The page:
Discussion in 'Lighting and Hardware' started by redbourn, Jan 10, 2017.
Strange looking veggies if you asked me......
Use black gaffer tape to tape a grid on the soft box turning it into a window frame essentially hiding the fact you used a softbox.
Have been told to use stand ins many times.
One day or one night stands?
Very nice idea.
OK and now down to some nitty and gritty stuff.
And thanks for the patience?
I am an aspiring food photographer.
Two questions about the attached which was shot with bounced light from the ceiling.
1) Lighting changes that you would make to make the food look attractive(interesting
2) Should I raise the ISO to 200?
Am taking advice that I need to understand the basics before taking shots with lots of food and colors.
Given it's a static subject (and hopefully you're using a tripod), I'd leave the ISO alone and use a smaller aperture (say, f/11) and longer shutter speed (1.3 seconds in this case).
Then, in post, reset the black & white points (the histogram is pretty much centered) and put a little S into the curve. Result:
This makes the two lights you're using a bit more visible (along with yourself), but if the bowl is going to be filled with food, that will be a moot point.
Depending on the food itself and your desired results, it may require an increase in saturation.
Either bounce the light off of a white card that is larger than the plate, or work on your angle of attack until you no longer see the reflection.
Use a custom white balance for your lighting, and calibrate your monitor.
Had to delete post from a few moments ago because of multiple images.
Something which seems odd to me. because I'm still learning.
This photo has a (magenta?) hue on the inside of the plate on the internet but it isn't there when I view it in LR.
I have added a screen grab from LR
Text Book would say: Make the diffusor much bigger than the subject. The plate is what 20cm? Make the diffusor much bigger, like 80 to 120 cm, and make the lighting even.
My stomach is not strong enough to bear colors that are off so much.
Light quality is not a linear value measured in Kelvin. Light quality is about spectral response of subjects and eyes.
If you do not see it immediately, put a test chart there and calibrate the RAW outout.
You have been given good advice regarding several different ways to solve this issue. But it seems some lighting Basics are being ignored. Specifically the angle of incidence equals the angle of reflection. What I do not understand is why you are mixing softboxes and daylight in this way.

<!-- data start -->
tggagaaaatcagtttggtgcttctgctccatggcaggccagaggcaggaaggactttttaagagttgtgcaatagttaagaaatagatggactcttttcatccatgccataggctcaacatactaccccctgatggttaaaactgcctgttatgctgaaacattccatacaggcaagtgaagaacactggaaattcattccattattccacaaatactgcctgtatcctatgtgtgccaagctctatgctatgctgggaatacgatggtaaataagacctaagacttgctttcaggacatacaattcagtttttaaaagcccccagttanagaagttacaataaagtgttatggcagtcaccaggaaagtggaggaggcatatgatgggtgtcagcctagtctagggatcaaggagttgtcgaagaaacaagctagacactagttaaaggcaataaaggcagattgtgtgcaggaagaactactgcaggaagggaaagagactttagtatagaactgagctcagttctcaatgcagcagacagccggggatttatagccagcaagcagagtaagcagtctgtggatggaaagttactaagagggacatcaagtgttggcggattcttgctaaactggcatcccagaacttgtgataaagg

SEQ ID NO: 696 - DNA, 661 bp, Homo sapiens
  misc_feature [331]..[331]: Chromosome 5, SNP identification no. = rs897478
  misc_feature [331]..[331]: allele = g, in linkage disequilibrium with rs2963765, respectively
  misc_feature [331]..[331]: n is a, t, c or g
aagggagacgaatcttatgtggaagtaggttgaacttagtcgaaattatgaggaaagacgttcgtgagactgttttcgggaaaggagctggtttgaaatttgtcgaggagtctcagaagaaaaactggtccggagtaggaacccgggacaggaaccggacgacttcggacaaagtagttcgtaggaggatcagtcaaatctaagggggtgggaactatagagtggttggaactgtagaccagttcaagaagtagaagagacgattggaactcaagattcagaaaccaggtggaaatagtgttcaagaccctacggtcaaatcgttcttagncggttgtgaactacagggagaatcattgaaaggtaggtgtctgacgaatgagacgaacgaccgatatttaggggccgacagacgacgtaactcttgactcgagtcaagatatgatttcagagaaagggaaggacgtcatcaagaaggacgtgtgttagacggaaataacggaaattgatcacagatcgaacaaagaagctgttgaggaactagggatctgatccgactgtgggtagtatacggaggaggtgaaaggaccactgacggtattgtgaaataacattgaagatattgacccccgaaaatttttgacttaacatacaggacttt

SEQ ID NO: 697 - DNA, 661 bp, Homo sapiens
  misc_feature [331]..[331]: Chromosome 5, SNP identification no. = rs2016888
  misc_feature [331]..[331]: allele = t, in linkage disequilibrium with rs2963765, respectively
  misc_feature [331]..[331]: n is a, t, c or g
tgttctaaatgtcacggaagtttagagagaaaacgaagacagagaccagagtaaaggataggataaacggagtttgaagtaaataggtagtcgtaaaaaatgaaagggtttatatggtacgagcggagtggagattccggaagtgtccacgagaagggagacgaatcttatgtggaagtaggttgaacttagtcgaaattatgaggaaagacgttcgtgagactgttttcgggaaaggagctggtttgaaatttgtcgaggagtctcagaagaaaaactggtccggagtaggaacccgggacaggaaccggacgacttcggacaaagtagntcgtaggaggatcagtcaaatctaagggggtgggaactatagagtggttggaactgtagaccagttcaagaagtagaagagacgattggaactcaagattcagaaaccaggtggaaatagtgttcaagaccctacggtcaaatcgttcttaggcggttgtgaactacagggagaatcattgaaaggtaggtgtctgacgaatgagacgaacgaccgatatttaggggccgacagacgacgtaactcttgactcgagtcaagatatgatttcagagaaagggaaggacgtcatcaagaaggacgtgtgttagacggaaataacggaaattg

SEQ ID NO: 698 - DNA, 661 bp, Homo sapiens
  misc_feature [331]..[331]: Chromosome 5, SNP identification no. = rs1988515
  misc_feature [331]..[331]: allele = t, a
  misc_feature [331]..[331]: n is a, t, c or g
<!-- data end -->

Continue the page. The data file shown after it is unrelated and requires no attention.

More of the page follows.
The way to shoot simple product photography is to establish the props and set the camera up for the desired point of view. You know the cookbook layout needed so set the camera for that. Then while you look through the camera or at the rear LCD, have an assistant move the supplementary lights through an arc or range of motion where the camera does not see these two, tiny softbox highlights
As has been mentioned above, the soft boxes are simply far , far too small and placed at the wrong angle to create anything that is appealing. This test setup makes no sense at all. Imagine vegetables: do you want highlights on the back of the bowl, or on the vegetables? Again this is a mixture of daylight for the main light and 2 small soft boxes which are so small that their reflection does not cover even the size of a bowl. This is a fundamentally flawed way to use lighting tools. Where these highlights fall will do nothing to make the food look better, it will only show highlights on The Bowl's edge.
I think the book Light, Science, Magic would be a great place to start, just to see professional lighting strategies, tools, and techniques in use. I've been around lighting for 35 plus years so maybe this sounds harsh but your approach is just so far off the mark I don't get it. But I do want to emphasize one thing: until you understand the basics of incidence and reflection, and size of light in relation to size of object you will have many problems,and the easiest way to get progress is to set the camera up,stand behind the camera and have an assistant move the lights through multiple arcs and multiple ranges so you can literally stand there and see what the camera sees. This is one easy way you will learn lighting: you need to stay at the camera and have the lights moved for you and watch, carefully, where the light goes, and where the reflections show up.
Why does your photo show the reflections of the front of two small softboxes along the edge of the SoupnBowl? Answer: the soft boxes are small and they are placed in the wrong position in relation to the bowl and in relation to the camera. Simple.
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